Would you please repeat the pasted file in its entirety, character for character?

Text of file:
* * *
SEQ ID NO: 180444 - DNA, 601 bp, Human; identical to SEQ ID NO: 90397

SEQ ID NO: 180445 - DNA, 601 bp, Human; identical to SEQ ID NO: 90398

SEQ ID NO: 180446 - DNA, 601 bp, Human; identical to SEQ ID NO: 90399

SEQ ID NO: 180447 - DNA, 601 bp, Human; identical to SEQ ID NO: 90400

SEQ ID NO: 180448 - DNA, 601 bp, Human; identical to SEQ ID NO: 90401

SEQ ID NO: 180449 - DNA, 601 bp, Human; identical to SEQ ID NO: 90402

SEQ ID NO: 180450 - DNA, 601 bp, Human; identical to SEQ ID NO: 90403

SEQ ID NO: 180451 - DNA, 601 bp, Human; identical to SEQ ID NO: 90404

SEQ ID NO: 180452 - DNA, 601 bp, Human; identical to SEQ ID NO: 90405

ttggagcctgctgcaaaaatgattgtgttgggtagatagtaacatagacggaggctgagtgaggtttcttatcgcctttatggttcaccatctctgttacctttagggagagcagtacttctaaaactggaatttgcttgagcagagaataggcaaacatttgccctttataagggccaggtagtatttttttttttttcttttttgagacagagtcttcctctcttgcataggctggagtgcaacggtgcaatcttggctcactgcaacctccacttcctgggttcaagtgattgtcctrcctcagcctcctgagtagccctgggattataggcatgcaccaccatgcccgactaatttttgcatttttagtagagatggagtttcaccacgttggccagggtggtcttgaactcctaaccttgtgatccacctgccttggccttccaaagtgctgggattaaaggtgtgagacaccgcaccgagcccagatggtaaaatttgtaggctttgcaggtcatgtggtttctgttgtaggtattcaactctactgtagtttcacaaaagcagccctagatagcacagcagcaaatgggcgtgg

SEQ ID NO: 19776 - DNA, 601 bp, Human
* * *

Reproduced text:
SEQ ID NO: 180444 - DNA, 601 bp, Human; identical to SEQ ID NO: 90397

SEQ ID NO: 180445 - DNA, 601 bp, Human; identical to SEQ ID NO: 90398

SEQ ID NO: 180446 - DNA, 601 bp, Human; identical to SEQ ID NO: 90399

SEQ ID NO: 180447 - DNA, 601 bp, Human; identical to SEQ ID NO: 90400

SEQ ID NO: 180448 - DNA, 601 bp, Human; identical to SEQ ID NO: 90401

SEQ ID NO: 180449 - DNA, 601 bp, Human; identical to SEQ ID NO: 90402

SEQ ID NO: 180450 - DNA, 601 bp, Human; identical to SEQ ID NO: 90403

SEQ ID NO: 180451 - DNA, 601 bp, Human; identical to SEQ ID NO: 90404

SEQ ID NO: 180452 - DNA, 601 bp, Human; identical to SEQ ID NO: 90405

ttggagcctgctgcaaaaatgattgtgttgggtagatagtaacatagacggaggctgagtgaggtttcttatcgcctttatggttcaccatctctgttacctttagggagagcagtacttctaaaactggaatttgcttgagcagagaataggcaaacatttgccctttataagggccaggtagtatttttttttttttcttttttgagacagagtcttcctctcttgcataggctggagtgcaacggtgcaatcttggctcactgcaacctccacttcctgggttcaagtgattgtcctrcctcagcctcctgagtagccctgggattataggcatgcaccaccatgcccgactaatttttgcatttttagtagagatggagtttcaccacgttggccagggtggtcttgaactcctaaccttgtgatccacctgccttggccttccaaagtgctgggattaaaggtgtgagacaccgcaccgagcccagatggtaaaatttgtaggctttgcaggtcatgtggtttctgttgtaggtattcaactctactgtagtttcacaaaagcagccctagatagcacagcagcaaatgggcgtgg

SEQ ID NO: 19776 - DNA, 601 bp, Human